News / Economy

Airlines Urge UN Deal on Emissions to Avoid Trade War

FILE - The first scheduled Boeing 787 airplane to depart from Seattle-Tacoma International Airport, takes off October 2, 2012. FILE - The first scheduled Boeing 787 airplane to depart from Seattle-Tacoma International Airport, takes off October 2, 2012.
x
FILE - The first scheduled Boeing 787 airplane to depart from Seattle-Tacoma International Airport, takes off October 2, 2012.
FILE - The first scheduled Boeing 787 airplane to depart from Seattle-Tacoma International Airport, takes off October 2, 2012.
Reuters
Airlines on Monday urged a U.N. aviation group to back a mandatory global framework to curb airline emissions, saying failure to reach a deal would revive threats of a trade war.
 
The International Air Transport Association, which represents some 200 airlines, said the United Nations' aviation agency could agree on a new system when its 191 states begin their assembly in Montreal this week.
 
The U.N.'s International Civil Aviation Organization (ICAO), which sets standards for air travel, is under pressure to make headway toward resolving one of the worst aviation disputes in years, pitting the European Union against its trade rivals. The ICAO meets in full once every three years.
 
Greenhouse gas emissions from commercial flights are growing at a steep rate. The EU in 2011 came up with regulations to charge airlines for carbon emissions on flights to and from Europe over EU airspace, but it has suspended the scheme to allow opponents, led by China and the United States, to agree on a global plan to curb aviation emissions under U.N. auspices. The EU has threatened to put the scheme back into effect if there is no deal.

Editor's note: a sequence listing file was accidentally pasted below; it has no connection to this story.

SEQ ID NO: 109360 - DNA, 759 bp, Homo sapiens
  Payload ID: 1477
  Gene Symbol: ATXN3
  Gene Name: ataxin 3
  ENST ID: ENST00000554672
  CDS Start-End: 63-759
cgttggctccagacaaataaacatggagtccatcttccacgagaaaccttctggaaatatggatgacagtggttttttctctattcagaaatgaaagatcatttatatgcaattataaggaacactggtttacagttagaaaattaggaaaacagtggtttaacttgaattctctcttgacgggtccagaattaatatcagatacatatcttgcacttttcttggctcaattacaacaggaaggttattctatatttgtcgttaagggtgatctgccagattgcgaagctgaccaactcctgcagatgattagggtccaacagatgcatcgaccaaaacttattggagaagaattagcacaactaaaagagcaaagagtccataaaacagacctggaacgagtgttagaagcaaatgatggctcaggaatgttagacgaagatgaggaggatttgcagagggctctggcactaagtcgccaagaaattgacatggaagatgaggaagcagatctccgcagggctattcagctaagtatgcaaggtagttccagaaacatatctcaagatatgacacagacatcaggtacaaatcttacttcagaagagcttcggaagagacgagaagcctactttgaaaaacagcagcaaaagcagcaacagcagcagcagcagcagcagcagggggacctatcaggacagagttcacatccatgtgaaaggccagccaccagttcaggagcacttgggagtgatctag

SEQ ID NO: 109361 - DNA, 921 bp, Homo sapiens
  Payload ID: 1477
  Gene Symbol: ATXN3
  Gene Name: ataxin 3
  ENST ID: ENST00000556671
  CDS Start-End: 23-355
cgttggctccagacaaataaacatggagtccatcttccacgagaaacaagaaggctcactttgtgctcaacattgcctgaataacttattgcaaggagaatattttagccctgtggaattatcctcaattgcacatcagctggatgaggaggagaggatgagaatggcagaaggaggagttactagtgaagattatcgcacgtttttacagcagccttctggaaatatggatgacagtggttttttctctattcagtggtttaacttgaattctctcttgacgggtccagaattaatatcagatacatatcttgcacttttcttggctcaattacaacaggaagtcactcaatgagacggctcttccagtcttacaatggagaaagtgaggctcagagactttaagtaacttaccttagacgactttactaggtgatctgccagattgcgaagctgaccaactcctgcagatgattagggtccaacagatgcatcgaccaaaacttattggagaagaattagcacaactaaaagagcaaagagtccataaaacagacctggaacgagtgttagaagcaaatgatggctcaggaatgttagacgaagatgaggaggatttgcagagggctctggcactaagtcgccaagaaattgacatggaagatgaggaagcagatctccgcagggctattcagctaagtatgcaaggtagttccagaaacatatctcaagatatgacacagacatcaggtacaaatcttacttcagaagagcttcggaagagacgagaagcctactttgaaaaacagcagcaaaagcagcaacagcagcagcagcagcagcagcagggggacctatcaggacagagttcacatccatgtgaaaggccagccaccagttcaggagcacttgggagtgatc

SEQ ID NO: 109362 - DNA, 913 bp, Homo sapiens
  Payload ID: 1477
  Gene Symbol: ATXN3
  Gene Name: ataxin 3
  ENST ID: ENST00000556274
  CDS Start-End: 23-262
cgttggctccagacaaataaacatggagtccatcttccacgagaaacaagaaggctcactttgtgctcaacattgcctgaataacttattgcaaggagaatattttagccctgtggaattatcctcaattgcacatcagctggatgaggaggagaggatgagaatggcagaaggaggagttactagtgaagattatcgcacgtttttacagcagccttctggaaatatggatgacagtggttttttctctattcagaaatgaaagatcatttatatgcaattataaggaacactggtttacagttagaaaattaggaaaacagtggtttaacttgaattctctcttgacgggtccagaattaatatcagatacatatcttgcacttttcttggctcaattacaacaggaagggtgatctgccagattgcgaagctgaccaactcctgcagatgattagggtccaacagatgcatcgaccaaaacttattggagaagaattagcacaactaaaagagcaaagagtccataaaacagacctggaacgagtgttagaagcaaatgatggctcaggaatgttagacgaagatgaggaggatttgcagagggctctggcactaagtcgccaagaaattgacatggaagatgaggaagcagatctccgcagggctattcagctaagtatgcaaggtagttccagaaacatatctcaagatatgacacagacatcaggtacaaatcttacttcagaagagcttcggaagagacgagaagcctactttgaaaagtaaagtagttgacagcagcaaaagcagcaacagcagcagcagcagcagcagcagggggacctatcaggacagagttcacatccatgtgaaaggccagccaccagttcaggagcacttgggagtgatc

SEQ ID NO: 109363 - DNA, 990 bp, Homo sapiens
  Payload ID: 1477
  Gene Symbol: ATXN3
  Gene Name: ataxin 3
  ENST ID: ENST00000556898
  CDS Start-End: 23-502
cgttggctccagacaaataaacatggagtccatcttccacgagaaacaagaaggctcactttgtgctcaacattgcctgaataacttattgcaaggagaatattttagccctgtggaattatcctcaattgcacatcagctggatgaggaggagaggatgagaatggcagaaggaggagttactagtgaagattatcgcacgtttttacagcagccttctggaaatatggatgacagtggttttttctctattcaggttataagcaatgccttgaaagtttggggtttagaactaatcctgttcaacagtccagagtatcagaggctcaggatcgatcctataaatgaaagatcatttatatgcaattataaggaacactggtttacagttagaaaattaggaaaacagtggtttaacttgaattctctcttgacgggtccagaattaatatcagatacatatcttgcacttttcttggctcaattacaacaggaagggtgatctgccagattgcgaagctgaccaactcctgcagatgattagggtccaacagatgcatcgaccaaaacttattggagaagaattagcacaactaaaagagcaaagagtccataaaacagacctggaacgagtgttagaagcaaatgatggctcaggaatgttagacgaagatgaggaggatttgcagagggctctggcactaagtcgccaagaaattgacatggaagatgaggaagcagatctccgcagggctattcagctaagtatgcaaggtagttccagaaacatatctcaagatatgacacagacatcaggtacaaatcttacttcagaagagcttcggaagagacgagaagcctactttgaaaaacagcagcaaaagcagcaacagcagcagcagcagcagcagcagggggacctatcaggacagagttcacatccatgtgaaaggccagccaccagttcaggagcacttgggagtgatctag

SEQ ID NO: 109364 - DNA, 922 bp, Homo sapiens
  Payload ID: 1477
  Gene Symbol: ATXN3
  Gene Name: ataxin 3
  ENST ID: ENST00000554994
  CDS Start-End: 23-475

“If the assembly agrees what could be done from 2020, and what should be done in the meantime, I believe governments will work toward implementing that,” IATA Director General Tony Tyler told reporters on a conference call on Monday.
 
Earlier this month, preliminary negotiations led to a breakthrough ahead of the full ICAO assembly, but diplomats say some countries, such as India, are still unhappy about the plan which would allow the EU to charge only for its own airspace.
 
China has suspended billions of dollars of orders of Airbus jets to protest the original European scheme.
 
Tyler said agreement by countries on a global market-based solution, the details of which would need to be worked out, was preferable to regional measures such as the EU's controversial Emissions Trading Scheme.
 
“We think that a global mandatory carbon offsetting scheme will be the simplest and easiest (market-based measure) to implement,” he said.
 
Without progress at ICAO, “we'll be back where we were over a year ago on the brink of a trade war,” Tyler said. “That's a very serious risk which we clearly need to try to avoid.”
 
Failure to reach an ICAO resolution could also mean the “proliferation of regional schemes, of taxes, charges” by different governments to penalize airlines and passengers, he said.
 
Pressure for a deal increased after IATA's members, some of whom reflect the views of their state shareholders, settled their own differences by calling for a single market-based system to offset growth in post-2020 emissions.
 
Until recently, however, little progress has been made in the U.N. effort to craft an agreement to lower emissions from international air travel.
 
The EU says its rules spurred international action and that curbing airline emissions is essential to meeting climate goals.
 
One of the key remaining questions is to what extent small nations representing one percent or less of aviation emissions should have to take part in the reduction efforts.
 
IATA was originally set up to help the U.N. harmonize aviation and acts mainly as a lobby for the airline industry.

You May Like

Turkey's Controversial Reform Bill Giving Investors Jitters